Biotech crops help farmers increase the production of grains, oilseeds and fiber while better adapting to the effects of climate change, such as drought, flooding, and unpredictable weather patterns and the accompanying pests. They also allow growers to more efficiently use limited natural resources. To help ensure global food and nutrition security, as well as affordable food, international trade of all agriculture goods must flow safely and efficiently from the markets they’re produced to the places where they’re needed.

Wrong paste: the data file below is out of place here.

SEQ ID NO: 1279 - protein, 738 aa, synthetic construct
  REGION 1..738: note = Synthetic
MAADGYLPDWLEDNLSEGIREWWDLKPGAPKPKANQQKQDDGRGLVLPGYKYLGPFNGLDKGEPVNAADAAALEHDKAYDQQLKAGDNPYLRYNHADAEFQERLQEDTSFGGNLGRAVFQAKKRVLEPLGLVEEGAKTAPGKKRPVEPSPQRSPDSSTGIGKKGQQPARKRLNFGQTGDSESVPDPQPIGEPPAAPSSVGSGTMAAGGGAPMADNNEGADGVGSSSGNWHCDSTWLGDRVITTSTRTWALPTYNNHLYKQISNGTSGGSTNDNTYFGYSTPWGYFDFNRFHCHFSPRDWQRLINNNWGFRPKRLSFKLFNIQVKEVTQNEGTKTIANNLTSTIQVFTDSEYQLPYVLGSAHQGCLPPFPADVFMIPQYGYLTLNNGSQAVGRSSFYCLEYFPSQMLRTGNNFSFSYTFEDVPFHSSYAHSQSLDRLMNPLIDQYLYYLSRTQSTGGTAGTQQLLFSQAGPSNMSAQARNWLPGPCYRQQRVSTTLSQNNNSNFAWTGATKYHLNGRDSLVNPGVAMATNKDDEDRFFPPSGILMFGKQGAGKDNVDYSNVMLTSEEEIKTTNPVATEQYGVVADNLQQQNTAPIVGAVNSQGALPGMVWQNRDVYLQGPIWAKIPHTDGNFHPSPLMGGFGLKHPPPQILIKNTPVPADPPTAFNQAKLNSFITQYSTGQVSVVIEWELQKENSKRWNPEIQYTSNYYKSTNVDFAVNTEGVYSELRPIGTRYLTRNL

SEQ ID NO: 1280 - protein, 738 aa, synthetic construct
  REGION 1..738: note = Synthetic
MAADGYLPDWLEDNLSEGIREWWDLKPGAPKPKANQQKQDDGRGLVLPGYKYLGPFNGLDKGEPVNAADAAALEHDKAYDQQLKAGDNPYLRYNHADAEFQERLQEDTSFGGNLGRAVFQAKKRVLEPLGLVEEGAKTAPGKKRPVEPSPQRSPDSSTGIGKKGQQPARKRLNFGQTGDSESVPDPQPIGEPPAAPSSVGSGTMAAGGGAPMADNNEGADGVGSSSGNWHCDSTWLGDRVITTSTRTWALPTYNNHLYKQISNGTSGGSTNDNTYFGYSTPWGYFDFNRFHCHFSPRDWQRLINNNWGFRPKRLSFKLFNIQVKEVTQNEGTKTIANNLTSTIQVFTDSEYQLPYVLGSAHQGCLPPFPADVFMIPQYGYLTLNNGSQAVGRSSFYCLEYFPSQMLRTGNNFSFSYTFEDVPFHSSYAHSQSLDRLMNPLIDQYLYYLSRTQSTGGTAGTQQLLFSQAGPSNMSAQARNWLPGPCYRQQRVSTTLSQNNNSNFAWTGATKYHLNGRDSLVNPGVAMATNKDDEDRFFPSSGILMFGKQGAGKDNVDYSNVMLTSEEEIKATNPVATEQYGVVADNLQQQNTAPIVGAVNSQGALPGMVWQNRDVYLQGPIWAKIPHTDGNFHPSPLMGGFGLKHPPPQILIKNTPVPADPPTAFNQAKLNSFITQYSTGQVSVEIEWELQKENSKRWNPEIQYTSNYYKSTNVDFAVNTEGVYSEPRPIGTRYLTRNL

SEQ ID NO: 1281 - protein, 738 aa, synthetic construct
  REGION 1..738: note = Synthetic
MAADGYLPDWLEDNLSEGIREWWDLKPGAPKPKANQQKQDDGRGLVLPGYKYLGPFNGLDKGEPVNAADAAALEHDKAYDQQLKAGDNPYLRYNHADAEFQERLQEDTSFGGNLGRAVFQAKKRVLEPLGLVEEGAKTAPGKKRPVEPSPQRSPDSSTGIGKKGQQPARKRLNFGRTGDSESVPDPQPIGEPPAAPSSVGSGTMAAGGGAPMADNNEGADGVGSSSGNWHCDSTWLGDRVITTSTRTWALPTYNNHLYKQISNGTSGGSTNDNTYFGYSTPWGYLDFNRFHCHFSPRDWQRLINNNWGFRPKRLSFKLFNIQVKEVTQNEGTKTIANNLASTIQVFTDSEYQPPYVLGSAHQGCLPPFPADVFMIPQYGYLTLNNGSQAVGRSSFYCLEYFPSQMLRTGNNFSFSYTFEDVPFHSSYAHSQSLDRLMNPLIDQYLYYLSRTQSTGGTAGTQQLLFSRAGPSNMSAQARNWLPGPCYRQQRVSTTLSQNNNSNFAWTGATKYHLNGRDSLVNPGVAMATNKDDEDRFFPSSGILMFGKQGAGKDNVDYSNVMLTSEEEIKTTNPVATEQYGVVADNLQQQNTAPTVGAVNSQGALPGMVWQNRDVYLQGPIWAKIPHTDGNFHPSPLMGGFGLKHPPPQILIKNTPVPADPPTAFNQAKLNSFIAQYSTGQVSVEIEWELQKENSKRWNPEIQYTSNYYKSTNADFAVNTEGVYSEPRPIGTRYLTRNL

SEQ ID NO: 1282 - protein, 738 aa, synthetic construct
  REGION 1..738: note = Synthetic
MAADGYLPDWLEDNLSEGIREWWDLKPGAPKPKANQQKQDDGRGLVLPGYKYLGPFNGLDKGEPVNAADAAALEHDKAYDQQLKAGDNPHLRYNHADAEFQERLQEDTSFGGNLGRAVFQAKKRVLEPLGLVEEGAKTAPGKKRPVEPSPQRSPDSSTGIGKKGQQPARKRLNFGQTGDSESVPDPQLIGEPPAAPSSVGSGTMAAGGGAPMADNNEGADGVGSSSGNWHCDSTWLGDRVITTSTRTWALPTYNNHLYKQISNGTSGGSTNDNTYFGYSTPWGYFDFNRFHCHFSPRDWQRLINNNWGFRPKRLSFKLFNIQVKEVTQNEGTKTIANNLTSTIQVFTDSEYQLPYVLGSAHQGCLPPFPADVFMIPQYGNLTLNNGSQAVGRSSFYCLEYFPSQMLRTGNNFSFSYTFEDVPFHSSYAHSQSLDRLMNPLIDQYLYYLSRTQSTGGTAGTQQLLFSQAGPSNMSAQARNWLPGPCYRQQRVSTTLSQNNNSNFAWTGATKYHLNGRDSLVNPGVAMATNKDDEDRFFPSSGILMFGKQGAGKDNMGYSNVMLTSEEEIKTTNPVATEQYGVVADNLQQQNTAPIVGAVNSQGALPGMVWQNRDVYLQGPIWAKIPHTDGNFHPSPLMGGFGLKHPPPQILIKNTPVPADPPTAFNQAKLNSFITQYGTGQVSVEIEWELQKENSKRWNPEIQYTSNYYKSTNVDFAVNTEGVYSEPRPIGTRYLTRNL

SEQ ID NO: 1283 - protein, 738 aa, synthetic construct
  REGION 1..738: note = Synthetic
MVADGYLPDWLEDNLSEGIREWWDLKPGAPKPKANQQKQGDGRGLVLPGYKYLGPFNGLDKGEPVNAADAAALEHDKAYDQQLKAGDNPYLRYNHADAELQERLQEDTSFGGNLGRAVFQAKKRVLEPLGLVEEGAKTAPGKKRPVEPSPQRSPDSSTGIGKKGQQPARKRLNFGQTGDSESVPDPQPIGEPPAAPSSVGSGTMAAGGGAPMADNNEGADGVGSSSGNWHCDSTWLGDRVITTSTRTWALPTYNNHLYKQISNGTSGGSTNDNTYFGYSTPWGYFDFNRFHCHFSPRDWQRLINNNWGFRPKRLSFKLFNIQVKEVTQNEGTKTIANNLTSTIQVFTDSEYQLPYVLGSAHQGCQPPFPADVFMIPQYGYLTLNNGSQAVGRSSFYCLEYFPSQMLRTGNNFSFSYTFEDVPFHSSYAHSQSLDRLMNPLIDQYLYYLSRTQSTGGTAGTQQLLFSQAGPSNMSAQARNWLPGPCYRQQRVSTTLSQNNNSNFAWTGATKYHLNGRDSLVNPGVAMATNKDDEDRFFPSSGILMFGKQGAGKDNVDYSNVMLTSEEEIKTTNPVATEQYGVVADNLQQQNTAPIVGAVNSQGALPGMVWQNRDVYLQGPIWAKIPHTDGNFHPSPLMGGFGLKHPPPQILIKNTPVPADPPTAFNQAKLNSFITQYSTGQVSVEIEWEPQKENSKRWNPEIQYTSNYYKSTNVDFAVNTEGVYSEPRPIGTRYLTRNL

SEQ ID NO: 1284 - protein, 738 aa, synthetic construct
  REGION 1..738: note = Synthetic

However, due to differing national regulations for agricultural biotechnology products, the introduction of each new biotech crop raises the potential for trade disruptions. The two primary regulatory challenges to smooth international trade of biotech crops are asynchronous approvals and low-level presence (LLP).